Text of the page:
What Work Experience Did You Have During Your WHV?
During the term of my visa, I had four contracts with various advertising agencies: two long-term contracts (8-12 months), and two contracts of fewer than two months each. Upon starting my first contract, I had to adapt quickly to their way of working. The vocabulary used in London was not what I was used to. I quickly realized that I was not the only expat in the company and that at least 25% of my colleagues were not of British origin. My colleagues had come from Australia, New Zealand, South Africa, France, Belgium, Turkey, Canada, the United States, Algeria and Ghana.
Would You Say That the Money Earned During Your WHV Was Enough to Cover Your Cost of Living?
I got by, but the cost of living in London is indeed high, especially the cost of housing and transportation. On the other hand, trips to other countries throughout Europe were very affordable, so I was able to make several short trips less than a three-hour flight away.
Where Did You Travel in the U.K. During Your Working Holiday Visa and What Was Your Favourite Place?
I mainly stayed in London. I used the weekends to explore the different neighbourhoods around my new city.
In the summer, if I wanted a weekend at the beach, I jumped on the train bound for Brighton; in winter, Barcelona was under two hours by plane. It doesn’t get any better than that!
Share an Anecdote or Travel Story From Your Experience in the U.K.:
I was particularly amazed by the pace of the city. During the week, everything goes by very quickly: people are in a hurry, and the speed can be faster than in Montréal. Funny story: I had to learn to pass people on the left side of the sidewalk: the British walk like they drive. The problem now is that I still haven’t managed to get rid of this habit. London is also full of contrasts. The commercial streets and big tourist centres aren’t relaxing, but as soon as you wander to side streets, you discover a neighbourhood life with blooming pubs, small parks and street food.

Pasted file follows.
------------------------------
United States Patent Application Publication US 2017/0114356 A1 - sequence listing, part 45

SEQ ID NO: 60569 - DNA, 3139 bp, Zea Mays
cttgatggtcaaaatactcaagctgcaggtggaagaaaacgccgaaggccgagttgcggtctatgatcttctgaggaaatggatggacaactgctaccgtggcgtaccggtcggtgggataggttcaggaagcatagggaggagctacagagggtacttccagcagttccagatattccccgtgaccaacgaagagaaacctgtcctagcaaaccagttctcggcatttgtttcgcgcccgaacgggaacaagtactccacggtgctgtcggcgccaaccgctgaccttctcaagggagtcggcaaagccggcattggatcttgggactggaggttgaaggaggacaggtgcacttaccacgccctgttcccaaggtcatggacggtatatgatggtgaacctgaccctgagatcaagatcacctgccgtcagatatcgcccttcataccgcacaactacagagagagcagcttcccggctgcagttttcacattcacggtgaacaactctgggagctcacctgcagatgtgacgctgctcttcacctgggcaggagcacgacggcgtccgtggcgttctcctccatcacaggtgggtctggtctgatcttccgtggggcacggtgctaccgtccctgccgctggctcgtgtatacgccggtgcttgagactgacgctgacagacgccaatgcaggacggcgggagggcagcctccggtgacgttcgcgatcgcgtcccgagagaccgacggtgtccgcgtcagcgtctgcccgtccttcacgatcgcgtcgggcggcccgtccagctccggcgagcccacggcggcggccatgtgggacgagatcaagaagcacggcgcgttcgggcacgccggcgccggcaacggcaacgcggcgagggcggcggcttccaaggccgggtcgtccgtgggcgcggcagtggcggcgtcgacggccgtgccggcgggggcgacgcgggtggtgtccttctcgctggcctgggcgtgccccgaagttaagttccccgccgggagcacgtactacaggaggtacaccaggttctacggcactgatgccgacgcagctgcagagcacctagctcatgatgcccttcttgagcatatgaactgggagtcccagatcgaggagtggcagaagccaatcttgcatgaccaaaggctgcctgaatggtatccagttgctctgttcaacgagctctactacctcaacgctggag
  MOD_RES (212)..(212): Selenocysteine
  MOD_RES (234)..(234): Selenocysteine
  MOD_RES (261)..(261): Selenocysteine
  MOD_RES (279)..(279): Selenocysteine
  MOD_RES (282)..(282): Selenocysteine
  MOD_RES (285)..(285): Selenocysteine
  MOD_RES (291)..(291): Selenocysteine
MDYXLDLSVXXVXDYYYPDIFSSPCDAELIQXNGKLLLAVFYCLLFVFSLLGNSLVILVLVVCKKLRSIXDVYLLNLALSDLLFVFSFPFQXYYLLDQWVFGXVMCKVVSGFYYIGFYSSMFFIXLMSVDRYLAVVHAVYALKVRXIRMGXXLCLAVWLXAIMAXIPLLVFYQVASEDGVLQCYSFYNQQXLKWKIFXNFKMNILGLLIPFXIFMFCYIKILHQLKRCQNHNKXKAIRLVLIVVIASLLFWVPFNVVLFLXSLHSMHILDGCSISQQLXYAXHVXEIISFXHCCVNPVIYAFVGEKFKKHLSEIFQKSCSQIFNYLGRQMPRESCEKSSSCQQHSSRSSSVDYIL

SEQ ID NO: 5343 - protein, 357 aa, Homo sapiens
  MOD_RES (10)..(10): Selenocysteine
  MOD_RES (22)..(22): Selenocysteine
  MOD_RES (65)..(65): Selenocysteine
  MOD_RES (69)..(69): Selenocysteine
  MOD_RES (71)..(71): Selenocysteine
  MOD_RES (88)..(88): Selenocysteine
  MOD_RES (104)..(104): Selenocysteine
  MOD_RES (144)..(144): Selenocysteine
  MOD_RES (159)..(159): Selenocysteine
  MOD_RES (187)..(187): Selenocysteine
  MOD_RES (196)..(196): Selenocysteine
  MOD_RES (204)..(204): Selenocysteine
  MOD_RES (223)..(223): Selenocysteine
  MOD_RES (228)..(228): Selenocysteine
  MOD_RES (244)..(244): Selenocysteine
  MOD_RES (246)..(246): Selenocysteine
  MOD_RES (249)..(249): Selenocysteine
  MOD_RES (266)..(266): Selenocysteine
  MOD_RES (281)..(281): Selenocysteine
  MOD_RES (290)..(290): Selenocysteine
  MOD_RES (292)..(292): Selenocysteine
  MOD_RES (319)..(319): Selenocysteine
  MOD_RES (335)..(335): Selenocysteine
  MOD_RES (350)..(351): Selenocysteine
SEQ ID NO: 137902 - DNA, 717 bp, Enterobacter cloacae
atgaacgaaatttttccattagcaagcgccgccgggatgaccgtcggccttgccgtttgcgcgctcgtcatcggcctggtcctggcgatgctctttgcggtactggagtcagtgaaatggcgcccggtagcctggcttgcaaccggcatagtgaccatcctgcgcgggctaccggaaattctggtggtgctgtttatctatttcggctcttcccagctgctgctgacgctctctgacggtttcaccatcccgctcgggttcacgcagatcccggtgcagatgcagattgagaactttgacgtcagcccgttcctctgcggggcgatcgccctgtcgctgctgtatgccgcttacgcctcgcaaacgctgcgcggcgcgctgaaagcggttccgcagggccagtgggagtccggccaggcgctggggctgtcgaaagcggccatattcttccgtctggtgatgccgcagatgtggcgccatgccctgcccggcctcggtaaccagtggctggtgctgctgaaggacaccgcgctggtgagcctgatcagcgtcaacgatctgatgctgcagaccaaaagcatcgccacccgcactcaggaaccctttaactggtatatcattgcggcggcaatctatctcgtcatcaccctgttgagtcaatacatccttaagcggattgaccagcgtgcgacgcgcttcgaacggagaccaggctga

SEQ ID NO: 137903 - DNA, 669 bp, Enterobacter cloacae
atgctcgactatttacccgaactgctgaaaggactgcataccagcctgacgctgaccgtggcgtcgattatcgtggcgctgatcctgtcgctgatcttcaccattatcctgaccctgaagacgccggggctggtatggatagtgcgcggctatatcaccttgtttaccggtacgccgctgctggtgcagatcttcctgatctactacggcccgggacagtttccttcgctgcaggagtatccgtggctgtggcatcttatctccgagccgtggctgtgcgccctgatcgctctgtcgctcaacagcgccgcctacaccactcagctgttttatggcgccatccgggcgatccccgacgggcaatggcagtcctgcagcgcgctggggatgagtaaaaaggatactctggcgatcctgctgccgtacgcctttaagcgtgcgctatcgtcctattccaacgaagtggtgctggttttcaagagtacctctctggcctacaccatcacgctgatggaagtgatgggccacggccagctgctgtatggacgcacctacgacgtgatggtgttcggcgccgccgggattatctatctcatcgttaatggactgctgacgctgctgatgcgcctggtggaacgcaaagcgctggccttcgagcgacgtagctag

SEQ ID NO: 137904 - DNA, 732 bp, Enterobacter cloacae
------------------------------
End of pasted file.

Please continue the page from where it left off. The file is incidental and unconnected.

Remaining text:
What Was the Most Rewarding Part of Your Stay Abroad?
The most rewarding part was living in a cosmopolitan city and meeting people from all over the world. For foodies, two years in London means two years of being able to taste cuisines from every corner of the world.
Did You Visit Other Countries During Your WHV?
Indeed! During my stay in the U.K., I visited France, Spain (Barcelona), Portugal, Denmark, Russia, Morocco, Croatia, Belgium and the Netherlands.
You may also like: Working and Travelling in Germany: Stories From a Canadian on a Working Holiday Visa (WHV)
Did You Return Home With Savings or Debts?
After two years, I came back with some savings, but mostly with a lot of memories.
What Advice Would You Give to Someone Who Would Like to Get a Working Holiday Visa for the U.K.?
If this is your first WHV, talk to others who have been there on a WHV. It’s a good way to build contacts and get advice before you go. Prepare a list, because moving takes a little more planning than a backpacking trip. If you choose London, don’t forget to start your apartment searches in advance. If London isn’t your target, why not Bristol or Liverpool?